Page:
Editor's note: While we welcome thoughtful opinion submissions on contemporary issues, not all opinions published here necessarily represent the views of the editorial staff at WORLD New York or WORLD Magazine. Joshua Cave is a New York City-based artist.
Within the art world, reactions create, and directs attention. Last year's controversy over David Wojnarowicz's work, A Fire In My Belly, has led to a misguided focus both in relation to the exhibit and has exposed the lack of communication between Christians and the art world. This exhibit is bound to rustle feathers, especially since it is the first museum exhibition to focus on the affect of sexual identity on American portraiture, but was the conservative community's angry response righteous or a lack of Proverbial discretion?
I made a visit to the Brooklyn Museum, where the work in question is on display in its original context within the "Hide/Seek: Difference and Desire in American Portraiture" exhibit. On the fourth floor to the back of the the exhibition, I entered a cold, gray room, enticed by the chronic movement of A Fire in My Belly. Accompanied only by the hum of the control panel closet, I chose a seat and began the twenty-one minute commitment.
Sixteen minutes of syncopated cockfights, wrestling matches, bullfights and other images of human suffering, highlighted the depravity of human entertainment, preceding the infamous and controversial clip of ants crawling over a crucifix. I was initially surprised at how insignificant the short scene seemed within such a larger work, but stepping out into the main exhibition, I discovered the original four minute edit that caused William Donohue, president of the Catholic League, to label the work "hate speech" against Catholics, and Speaker of the House John Boehner to aid him in getting it removed from the Smithsonian last November.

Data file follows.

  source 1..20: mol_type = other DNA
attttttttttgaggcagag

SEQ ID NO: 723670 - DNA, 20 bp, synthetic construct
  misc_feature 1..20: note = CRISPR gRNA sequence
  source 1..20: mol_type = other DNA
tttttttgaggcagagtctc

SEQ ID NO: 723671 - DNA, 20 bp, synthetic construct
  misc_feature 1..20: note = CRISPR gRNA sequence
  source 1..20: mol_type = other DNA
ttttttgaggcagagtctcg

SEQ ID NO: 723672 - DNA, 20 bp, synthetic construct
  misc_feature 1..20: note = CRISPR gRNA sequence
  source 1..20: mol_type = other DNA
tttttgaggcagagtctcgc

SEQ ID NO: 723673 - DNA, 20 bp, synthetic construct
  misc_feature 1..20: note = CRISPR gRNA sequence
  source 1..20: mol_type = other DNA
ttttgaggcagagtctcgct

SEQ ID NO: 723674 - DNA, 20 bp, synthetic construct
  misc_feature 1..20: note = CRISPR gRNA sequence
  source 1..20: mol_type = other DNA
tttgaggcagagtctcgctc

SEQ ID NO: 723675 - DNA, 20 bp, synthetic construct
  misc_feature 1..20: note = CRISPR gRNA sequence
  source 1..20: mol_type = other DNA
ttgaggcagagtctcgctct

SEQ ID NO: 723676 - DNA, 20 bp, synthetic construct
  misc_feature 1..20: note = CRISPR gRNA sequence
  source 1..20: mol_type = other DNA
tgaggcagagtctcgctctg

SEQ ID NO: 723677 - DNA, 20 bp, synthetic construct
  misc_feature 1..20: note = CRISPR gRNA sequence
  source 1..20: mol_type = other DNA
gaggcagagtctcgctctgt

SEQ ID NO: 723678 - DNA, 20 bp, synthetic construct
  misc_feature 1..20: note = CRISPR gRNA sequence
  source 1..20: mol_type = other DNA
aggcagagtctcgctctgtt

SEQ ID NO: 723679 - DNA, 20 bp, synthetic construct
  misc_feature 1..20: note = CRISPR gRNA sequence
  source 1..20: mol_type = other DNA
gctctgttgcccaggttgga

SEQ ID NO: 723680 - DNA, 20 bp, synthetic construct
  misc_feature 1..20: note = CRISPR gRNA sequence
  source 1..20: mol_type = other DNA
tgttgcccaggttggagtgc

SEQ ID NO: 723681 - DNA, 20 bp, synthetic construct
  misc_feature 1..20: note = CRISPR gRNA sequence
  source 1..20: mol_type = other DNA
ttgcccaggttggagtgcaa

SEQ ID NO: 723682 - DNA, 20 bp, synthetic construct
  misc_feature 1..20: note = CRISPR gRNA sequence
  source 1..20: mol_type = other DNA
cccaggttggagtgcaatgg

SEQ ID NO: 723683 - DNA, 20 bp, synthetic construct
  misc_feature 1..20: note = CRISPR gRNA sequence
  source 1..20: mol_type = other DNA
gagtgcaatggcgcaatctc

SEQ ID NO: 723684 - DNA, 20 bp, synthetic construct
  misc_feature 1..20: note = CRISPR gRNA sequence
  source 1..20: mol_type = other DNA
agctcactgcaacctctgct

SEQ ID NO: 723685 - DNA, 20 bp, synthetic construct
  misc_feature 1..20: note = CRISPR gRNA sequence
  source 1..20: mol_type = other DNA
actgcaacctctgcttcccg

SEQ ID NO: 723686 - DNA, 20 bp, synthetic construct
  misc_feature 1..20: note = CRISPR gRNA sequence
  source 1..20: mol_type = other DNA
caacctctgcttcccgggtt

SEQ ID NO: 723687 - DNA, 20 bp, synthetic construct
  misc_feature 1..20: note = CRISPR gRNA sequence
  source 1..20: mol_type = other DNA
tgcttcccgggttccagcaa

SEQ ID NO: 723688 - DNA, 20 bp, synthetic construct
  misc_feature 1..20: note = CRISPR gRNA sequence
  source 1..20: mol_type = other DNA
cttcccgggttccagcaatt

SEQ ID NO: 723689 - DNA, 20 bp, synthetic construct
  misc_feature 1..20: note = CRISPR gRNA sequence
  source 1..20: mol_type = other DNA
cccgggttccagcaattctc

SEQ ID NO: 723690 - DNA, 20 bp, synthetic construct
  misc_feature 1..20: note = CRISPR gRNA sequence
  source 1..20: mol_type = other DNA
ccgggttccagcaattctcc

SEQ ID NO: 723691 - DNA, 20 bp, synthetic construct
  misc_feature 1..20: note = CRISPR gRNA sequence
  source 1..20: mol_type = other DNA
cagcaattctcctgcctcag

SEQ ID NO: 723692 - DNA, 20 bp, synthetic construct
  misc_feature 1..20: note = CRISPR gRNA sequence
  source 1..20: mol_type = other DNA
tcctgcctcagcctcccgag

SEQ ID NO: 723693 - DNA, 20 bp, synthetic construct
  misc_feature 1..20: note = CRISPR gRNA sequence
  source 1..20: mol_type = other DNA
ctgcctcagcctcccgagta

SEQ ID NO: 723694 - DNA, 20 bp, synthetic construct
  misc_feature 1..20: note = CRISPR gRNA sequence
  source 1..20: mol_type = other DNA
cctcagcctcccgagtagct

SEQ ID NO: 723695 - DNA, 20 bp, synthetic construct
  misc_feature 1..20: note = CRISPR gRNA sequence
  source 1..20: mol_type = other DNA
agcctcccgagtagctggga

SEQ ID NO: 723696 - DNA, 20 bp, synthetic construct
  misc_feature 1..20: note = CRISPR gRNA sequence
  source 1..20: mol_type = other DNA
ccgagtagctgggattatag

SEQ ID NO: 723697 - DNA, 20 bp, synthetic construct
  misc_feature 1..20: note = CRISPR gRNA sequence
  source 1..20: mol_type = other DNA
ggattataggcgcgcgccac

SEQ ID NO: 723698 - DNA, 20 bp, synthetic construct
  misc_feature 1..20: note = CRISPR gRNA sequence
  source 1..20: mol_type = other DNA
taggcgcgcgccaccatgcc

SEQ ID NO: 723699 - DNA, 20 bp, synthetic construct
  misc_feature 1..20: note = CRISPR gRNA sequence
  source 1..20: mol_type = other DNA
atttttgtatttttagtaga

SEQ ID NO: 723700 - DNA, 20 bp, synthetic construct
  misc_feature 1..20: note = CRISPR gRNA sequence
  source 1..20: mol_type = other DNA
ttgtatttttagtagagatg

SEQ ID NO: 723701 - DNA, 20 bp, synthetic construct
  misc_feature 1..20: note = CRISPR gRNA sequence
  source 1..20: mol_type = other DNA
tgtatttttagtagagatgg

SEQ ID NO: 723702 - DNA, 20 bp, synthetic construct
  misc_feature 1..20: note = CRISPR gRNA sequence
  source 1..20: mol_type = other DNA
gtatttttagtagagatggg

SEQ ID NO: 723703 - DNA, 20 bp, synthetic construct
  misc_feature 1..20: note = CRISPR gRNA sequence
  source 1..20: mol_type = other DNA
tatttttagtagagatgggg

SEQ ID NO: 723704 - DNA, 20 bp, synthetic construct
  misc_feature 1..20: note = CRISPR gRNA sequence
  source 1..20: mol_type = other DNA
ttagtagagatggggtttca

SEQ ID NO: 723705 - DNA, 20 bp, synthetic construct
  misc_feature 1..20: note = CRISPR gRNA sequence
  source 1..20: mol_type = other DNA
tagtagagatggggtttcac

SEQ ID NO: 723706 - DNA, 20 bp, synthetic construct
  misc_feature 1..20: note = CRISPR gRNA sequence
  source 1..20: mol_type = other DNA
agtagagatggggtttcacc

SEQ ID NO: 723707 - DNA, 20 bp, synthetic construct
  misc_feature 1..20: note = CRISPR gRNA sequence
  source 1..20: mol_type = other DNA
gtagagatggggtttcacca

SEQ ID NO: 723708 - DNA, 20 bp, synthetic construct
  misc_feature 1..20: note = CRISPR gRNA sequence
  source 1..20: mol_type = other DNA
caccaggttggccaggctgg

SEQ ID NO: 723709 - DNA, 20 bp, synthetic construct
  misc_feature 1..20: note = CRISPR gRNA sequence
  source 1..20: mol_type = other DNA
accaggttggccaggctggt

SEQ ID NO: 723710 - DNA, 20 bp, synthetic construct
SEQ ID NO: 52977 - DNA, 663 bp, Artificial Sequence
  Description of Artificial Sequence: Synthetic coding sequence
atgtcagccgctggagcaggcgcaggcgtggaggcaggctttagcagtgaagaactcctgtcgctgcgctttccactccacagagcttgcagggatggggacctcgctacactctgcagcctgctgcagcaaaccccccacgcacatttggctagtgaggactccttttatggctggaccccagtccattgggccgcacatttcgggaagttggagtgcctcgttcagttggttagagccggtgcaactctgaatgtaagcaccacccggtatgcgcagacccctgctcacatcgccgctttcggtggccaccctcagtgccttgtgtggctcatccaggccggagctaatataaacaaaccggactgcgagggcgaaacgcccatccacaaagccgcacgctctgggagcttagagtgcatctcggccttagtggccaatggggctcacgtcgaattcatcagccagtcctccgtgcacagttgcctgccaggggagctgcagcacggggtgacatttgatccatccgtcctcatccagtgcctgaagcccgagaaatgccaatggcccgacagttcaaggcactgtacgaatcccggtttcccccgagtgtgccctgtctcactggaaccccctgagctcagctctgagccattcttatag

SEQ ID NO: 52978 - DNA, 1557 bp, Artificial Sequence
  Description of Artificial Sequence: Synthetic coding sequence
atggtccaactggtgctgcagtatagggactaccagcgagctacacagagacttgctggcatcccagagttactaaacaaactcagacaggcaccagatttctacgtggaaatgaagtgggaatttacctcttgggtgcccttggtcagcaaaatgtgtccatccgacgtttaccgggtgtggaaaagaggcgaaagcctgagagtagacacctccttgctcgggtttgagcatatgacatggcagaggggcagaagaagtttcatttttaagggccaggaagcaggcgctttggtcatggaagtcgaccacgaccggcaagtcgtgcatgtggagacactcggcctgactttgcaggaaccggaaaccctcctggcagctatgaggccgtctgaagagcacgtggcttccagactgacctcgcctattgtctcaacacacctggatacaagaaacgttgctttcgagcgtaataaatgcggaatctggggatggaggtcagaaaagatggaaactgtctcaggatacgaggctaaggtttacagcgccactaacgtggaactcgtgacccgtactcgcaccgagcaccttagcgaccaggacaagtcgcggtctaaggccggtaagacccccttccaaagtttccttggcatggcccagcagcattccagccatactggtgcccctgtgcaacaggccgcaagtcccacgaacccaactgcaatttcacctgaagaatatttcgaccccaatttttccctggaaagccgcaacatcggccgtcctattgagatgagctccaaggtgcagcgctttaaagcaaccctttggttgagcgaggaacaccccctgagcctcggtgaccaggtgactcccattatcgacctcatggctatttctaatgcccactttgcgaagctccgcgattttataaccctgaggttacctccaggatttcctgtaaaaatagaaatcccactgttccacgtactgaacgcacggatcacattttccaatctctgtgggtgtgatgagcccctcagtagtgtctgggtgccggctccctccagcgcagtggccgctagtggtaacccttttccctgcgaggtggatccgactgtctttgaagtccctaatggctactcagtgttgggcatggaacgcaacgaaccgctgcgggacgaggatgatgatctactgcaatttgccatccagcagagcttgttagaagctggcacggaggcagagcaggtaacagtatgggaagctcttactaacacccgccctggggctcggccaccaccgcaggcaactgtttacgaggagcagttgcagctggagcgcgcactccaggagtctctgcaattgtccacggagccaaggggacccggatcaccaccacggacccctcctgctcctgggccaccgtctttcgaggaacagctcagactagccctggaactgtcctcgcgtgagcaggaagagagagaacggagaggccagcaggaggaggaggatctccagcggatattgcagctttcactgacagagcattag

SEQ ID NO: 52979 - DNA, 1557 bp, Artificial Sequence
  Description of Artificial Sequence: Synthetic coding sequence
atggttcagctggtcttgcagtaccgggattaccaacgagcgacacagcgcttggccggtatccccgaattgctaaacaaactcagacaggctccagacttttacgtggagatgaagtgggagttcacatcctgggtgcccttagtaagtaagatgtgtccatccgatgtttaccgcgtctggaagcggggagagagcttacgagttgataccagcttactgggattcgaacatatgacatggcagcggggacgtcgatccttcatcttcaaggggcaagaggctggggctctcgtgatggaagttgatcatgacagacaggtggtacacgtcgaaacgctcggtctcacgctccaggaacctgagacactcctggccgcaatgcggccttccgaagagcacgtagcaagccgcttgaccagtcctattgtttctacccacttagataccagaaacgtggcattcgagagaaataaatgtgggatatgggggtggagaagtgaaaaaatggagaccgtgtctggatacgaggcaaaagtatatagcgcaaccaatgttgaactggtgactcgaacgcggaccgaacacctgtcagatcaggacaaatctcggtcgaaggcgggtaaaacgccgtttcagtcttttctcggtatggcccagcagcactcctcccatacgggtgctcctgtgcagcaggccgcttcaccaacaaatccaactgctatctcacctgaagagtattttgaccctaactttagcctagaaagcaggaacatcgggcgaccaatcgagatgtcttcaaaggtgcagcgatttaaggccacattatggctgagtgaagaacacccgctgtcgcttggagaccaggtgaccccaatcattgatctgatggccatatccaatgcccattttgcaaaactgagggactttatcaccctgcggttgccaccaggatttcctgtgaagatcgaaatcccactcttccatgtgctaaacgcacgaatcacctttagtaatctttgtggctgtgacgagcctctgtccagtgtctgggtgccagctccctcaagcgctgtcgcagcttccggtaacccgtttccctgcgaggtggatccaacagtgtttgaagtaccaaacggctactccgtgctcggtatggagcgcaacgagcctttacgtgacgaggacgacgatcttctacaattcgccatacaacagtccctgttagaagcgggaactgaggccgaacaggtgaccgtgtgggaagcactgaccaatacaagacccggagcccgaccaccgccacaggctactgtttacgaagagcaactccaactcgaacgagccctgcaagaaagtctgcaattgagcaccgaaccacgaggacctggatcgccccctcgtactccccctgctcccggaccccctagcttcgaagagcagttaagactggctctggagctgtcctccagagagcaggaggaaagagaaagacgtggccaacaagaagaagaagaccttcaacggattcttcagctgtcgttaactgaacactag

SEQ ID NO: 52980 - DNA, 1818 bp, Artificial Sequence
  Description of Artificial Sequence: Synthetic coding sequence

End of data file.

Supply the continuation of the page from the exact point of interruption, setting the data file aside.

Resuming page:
Accompanied by the Levitical rants of an angry woman, this version was much more pointed and aggressive. It had been harder to see in the unedited film, but here, Wojnarowicz's bitterness was evident: He had a gripe with life, death and any role that God has in either. In this case, it is understandable for the Christian world to react unfavorably to his use of the sacred, yet we must consider the effect and motivations of our reaction.
Leaving the room, I was saddened by the fact that an unnecessary and overzealous defense of God had turned an evidently humanistic piece and exhibit into theology. So often the Christian world picks apart art in search of a tangible representation of God, honoring or dishonoring.
I find that as a Christian artist, living and working within the over-saturated New York art world, It is paramount that one learns to hold thy tongue. Wojnarowicz's bitter attitude toward faith is an ancient and common one, and Christ died for us in spite of it. Reacting in defense of Christ undermines his power and sacrifice: Had he thought our sin too offensive, he could have taken himself down from the cross.
Instead of trying to defend God's good name, we should be making efforts to see the world he loves so much. Approaching art like a suspicious parent, peering and sniffing for some sign of indignation, creates strife and often exacerbates the trivial. Instead, Christians should consider with compassion the object of God's love present in all art: humanity.